Buenos Aires is the city of Tango, so visiting one of these shows is definitely a recommendation. You can imagine the setup a little bit like a musical, but of course the dance performances are top notch. [Don’t] book a dinner with it, just choose the plainest and simplest show-only ticket. They pick you up at your hotel / hostel and bring you back as well. Shows usually run from 21:30 till Midnight. And we were really tired when we got back.
One solid option: Esquina Carlos Gardel
Good Foto Spots:
- Sunset or Nighttime in Puerto Madero to shoot the “Puente de la Mujer”
- [Dont] A Skyline view from the upper floor of the Panamericano Hotel is no longer possible as they let only hotel guests go upstairs
- Av. 9 de Julio at dusk, when you have the sky still lit up and the Obelisk well lighted. (Lots of people doing the same though)
- The streets of San Telmo and the old houses
- Street Art across San Telmo and La Boca
- Bike sculpture by Ai Wei Wei in La Boca (not sure how long it is gonna be there)
Lili wants to write her own post on all restaurants and other food related adventures in Latin America. So that one will be linked here once it is done. 😉
Whats the stuff you should pre-book, reserve or organize in advance:
- Taxis are generally fine, they are metered and not expensive. Cheating with change & fake notes is common.
- UBER works well, although we had a case where the driver couldn’t find the airport entrance. 😀
- Hotel arrangements are easy and even lower price options are okay, no need for complex booking plans.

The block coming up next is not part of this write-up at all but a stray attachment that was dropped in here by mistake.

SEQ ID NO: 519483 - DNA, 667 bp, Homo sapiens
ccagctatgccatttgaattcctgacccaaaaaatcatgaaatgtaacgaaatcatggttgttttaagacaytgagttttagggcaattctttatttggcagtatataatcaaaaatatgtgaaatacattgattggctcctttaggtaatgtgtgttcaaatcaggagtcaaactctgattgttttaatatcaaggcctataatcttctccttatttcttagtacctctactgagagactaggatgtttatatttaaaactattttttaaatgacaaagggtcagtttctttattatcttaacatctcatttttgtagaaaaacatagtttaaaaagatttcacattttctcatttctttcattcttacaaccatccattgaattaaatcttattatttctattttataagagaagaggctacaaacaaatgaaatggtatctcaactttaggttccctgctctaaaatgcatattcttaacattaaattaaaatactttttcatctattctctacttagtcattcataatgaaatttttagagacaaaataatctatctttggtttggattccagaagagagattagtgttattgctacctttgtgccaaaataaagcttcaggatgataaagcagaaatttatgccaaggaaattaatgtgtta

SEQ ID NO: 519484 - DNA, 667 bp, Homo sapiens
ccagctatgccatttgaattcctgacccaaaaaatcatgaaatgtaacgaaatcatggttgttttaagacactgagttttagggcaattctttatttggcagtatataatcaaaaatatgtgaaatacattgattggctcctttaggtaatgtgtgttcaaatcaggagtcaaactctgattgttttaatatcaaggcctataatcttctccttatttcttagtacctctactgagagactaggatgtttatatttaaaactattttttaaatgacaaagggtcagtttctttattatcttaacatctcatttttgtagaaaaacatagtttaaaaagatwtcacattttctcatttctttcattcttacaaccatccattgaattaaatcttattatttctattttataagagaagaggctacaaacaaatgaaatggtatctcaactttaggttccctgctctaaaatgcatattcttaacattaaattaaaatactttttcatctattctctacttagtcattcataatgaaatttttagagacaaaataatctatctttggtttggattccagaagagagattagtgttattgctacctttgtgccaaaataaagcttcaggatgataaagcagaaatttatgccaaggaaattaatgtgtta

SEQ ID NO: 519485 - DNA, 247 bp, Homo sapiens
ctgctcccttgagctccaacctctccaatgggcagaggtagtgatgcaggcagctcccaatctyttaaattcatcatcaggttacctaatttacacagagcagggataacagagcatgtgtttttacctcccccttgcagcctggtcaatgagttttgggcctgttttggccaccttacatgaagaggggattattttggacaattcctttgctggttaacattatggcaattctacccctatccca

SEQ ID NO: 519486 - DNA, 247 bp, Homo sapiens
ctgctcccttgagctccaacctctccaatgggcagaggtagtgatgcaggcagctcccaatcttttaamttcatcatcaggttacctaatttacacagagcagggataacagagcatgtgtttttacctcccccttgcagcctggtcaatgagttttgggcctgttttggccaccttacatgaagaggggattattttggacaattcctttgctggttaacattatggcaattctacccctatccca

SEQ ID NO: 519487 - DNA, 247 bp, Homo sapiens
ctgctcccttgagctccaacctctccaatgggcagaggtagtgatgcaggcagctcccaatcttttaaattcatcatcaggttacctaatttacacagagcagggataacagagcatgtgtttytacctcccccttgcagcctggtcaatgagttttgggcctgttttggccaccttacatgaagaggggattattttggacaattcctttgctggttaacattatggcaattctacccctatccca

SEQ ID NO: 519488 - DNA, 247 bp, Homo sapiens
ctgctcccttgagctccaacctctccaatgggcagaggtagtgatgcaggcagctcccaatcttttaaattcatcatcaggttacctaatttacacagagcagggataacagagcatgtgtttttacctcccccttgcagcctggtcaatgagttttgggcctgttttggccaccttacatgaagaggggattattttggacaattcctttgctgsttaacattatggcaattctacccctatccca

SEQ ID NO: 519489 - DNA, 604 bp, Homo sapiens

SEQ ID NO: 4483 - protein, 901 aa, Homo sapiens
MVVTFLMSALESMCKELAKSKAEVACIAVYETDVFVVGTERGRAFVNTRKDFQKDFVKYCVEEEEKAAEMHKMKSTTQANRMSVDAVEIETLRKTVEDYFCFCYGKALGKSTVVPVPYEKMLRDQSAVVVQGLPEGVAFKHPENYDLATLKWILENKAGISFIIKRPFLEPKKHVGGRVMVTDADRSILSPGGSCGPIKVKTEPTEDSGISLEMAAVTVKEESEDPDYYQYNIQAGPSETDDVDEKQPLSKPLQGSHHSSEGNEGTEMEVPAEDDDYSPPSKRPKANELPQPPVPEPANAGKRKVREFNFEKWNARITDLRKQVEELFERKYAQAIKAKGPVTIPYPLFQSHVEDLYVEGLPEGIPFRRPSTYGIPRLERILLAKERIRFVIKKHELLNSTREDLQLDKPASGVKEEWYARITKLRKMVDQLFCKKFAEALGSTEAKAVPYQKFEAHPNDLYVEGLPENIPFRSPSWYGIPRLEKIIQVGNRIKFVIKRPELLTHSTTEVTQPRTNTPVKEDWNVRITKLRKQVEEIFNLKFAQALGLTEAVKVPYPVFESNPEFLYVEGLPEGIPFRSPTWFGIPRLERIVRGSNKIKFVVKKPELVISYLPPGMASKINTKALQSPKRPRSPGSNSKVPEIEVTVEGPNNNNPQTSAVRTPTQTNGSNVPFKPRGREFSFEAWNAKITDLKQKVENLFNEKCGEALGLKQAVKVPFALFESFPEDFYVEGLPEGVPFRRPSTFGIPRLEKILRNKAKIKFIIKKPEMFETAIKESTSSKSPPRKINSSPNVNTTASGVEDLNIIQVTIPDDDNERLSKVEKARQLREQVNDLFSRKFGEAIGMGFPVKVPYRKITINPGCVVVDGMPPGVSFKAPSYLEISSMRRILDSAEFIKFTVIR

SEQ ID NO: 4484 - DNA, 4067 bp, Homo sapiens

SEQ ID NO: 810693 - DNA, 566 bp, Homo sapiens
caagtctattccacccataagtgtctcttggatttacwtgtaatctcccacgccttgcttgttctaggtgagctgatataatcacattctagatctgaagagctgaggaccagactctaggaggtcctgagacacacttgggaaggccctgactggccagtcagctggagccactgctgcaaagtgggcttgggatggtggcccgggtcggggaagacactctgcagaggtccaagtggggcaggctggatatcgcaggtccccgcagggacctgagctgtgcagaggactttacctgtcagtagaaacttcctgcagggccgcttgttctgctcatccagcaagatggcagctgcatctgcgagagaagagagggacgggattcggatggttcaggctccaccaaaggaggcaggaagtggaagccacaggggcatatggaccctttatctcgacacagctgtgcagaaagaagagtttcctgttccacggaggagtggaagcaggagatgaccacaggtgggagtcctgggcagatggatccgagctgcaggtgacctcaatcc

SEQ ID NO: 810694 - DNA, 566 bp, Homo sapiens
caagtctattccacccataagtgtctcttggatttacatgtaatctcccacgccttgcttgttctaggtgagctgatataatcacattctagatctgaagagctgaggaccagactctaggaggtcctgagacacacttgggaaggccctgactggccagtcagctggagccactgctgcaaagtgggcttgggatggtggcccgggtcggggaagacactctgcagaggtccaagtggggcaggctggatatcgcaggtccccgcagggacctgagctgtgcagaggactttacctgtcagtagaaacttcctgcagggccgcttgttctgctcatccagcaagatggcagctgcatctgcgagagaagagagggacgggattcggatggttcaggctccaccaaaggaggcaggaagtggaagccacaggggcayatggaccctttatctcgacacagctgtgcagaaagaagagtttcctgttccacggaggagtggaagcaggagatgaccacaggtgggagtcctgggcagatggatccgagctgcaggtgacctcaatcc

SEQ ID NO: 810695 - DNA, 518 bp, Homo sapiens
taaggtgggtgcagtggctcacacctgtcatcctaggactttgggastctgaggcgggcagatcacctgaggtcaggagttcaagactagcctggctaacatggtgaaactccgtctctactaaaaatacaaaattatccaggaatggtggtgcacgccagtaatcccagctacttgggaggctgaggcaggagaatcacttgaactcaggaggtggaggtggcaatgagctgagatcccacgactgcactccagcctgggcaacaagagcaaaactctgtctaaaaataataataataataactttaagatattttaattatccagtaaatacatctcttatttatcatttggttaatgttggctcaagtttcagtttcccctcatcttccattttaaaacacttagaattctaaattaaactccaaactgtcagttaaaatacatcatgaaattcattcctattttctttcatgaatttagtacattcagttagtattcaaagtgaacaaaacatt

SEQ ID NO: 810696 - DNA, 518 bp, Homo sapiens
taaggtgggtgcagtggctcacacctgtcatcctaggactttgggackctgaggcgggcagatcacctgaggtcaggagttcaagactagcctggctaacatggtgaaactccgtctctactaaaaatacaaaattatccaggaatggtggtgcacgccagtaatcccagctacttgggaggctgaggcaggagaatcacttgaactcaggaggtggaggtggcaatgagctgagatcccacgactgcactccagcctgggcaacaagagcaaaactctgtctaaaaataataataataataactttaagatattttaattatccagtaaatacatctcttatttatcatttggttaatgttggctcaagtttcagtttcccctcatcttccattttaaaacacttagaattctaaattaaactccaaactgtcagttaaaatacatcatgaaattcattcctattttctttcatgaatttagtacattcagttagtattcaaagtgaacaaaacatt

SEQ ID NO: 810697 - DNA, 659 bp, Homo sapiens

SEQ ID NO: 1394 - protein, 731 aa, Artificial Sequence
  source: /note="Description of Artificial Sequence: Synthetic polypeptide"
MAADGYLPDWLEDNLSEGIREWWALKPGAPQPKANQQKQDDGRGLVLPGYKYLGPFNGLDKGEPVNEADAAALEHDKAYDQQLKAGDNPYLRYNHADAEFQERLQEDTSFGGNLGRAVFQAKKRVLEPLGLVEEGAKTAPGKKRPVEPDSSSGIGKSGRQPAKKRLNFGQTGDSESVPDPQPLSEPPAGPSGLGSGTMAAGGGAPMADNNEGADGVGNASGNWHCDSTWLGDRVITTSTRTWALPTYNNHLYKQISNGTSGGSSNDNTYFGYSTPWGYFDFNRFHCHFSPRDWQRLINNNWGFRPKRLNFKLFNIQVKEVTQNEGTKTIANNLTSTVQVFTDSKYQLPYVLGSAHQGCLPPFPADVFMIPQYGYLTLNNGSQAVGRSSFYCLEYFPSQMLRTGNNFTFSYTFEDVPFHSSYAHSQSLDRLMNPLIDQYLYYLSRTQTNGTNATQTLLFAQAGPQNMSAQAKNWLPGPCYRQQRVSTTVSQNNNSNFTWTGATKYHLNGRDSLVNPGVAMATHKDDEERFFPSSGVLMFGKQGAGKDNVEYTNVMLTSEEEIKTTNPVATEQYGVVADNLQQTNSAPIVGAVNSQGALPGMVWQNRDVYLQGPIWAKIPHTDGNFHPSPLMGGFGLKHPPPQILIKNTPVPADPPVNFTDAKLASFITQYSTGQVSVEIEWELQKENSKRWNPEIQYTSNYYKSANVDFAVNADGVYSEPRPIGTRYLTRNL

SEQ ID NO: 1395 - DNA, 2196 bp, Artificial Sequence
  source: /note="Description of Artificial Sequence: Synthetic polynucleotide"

- If you plan a trip to Uruguay (Montevideo or Colonia) book at least some days in advance! Tickets sell out quick.
- Remember there are two airports in BA and you might land on either of them. Sometimes the connecting flights depart from the other and you have to cross the city. This can take quite long, depending on traffic.
- If you are using a DKB or any other “free” cash withdrawal cards: Yes they work perfectly, but every time there is a high charge by the local banks (like 5€) so local exchange (Cambio) might be better and you can do quite well without too much cash except for taxi.
- Trip timing will be based on other locations, as most people combine this with a Patagonia visit. Going in November is great. Wether is still very comfortable (we had 20°), but gets cooler on some days and in the evenings.
- If you include a trip to Uruguay, add 1 day for Colonia or 2 days for Colonia+Montevideo.
- Latin American airlines (Latam or Aerolineas Argentinias) are quite good and regional flights can be booked even short notice. Try with a VPN and local IP to get better prices if you speak Spanish.
- Don’t expect English will work everywhere. Try to pick up at least some basic Spanish
- Booking dinner with the tango shows, you can get much better food elsewhere
- Hanging out at night in La Boca all by yourself
- Getting cheated by taxi drivers – always check the notes
[Trip Date: 11/2007, 2 days]